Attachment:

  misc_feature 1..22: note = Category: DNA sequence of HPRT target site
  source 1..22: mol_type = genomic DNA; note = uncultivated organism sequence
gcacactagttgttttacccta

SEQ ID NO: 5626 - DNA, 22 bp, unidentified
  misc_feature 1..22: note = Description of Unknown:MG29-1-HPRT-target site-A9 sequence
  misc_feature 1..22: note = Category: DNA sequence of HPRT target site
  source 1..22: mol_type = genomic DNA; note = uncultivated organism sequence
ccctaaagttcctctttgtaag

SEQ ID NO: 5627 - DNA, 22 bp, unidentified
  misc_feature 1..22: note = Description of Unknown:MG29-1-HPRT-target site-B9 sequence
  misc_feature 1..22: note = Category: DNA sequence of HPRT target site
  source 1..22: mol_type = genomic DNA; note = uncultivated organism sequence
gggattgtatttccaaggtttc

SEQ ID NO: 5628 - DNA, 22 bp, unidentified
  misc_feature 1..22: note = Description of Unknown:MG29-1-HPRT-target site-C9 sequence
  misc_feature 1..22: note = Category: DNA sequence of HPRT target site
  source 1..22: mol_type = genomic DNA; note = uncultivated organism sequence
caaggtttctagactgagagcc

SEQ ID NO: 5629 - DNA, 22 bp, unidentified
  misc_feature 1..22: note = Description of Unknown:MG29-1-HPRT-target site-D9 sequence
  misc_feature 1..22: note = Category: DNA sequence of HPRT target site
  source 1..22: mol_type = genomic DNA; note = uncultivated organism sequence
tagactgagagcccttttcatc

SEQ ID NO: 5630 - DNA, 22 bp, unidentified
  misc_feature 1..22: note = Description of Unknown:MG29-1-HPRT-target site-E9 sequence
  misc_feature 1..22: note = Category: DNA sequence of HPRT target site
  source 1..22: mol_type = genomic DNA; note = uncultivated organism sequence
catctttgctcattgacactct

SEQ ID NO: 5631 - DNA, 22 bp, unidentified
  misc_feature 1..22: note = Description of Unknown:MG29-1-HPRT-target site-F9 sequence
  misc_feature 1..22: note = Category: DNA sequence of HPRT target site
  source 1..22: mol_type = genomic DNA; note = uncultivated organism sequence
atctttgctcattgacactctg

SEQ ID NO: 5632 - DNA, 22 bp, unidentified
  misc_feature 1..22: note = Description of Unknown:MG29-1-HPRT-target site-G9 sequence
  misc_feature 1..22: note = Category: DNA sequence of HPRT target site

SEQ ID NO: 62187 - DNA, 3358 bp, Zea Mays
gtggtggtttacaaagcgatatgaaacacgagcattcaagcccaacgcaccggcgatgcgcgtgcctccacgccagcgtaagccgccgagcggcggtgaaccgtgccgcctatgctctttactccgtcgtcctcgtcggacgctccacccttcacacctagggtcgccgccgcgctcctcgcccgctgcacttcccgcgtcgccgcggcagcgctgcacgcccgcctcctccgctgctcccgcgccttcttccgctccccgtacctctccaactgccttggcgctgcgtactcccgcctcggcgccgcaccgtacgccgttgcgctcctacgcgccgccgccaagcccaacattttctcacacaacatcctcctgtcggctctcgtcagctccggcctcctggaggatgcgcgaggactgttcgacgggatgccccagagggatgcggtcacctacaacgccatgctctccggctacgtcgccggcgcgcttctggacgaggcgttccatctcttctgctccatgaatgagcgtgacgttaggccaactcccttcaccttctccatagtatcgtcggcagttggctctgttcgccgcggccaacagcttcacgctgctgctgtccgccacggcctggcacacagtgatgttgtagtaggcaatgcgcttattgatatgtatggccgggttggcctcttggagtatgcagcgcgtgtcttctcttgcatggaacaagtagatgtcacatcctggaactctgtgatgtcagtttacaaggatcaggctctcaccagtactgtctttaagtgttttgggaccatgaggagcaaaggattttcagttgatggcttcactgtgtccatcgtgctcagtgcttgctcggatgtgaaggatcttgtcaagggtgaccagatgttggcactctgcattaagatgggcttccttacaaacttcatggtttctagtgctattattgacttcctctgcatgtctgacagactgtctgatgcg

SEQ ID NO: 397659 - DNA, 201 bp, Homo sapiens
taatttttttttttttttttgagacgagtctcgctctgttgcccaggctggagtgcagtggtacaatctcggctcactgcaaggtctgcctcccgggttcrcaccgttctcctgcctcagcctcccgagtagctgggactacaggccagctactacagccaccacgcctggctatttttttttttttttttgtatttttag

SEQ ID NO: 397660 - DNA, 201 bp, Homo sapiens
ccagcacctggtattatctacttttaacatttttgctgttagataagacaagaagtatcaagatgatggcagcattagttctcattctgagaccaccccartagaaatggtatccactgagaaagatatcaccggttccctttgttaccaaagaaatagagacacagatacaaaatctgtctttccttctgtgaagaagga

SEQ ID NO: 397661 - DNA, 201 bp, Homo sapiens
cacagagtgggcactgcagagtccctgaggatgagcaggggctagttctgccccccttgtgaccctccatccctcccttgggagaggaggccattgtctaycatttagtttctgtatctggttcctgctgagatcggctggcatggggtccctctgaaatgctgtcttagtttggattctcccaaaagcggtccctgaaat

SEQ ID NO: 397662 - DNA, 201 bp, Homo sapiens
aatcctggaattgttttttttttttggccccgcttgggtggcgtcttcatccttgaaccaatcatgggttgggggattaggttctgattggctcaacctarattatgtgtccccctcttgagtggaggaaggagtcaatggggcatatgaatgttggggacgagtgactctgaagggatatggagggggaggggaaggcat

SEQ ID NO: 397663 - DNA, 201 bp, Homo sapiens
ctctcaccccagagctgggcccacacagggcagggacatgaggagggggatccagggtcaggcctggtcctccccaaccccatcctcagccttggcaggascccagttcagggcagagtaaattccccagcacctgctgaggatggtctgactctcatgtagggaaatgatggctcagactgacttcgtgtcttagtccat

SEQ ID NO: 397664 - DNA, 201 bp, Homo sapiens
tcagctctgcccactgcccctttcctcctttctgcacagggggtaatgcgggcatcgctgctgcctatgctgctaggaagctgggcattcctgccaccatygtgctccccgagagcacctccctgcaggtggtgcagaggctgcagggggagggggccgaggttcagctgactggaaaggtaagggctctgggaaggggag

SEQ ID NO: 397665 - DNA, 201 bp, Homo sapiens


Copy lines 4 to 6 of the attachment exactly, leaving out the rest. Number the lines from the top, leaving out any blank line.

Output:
SEQ ID NO: 5626 - DNA, 22 bp, unidentified
  misc_feature 1..22: note = Description of Unknown:MG29-1-HPRT-target site-A9 sequence
  misc_feature 1..22: note = Category: DNA sequence of HPRT target site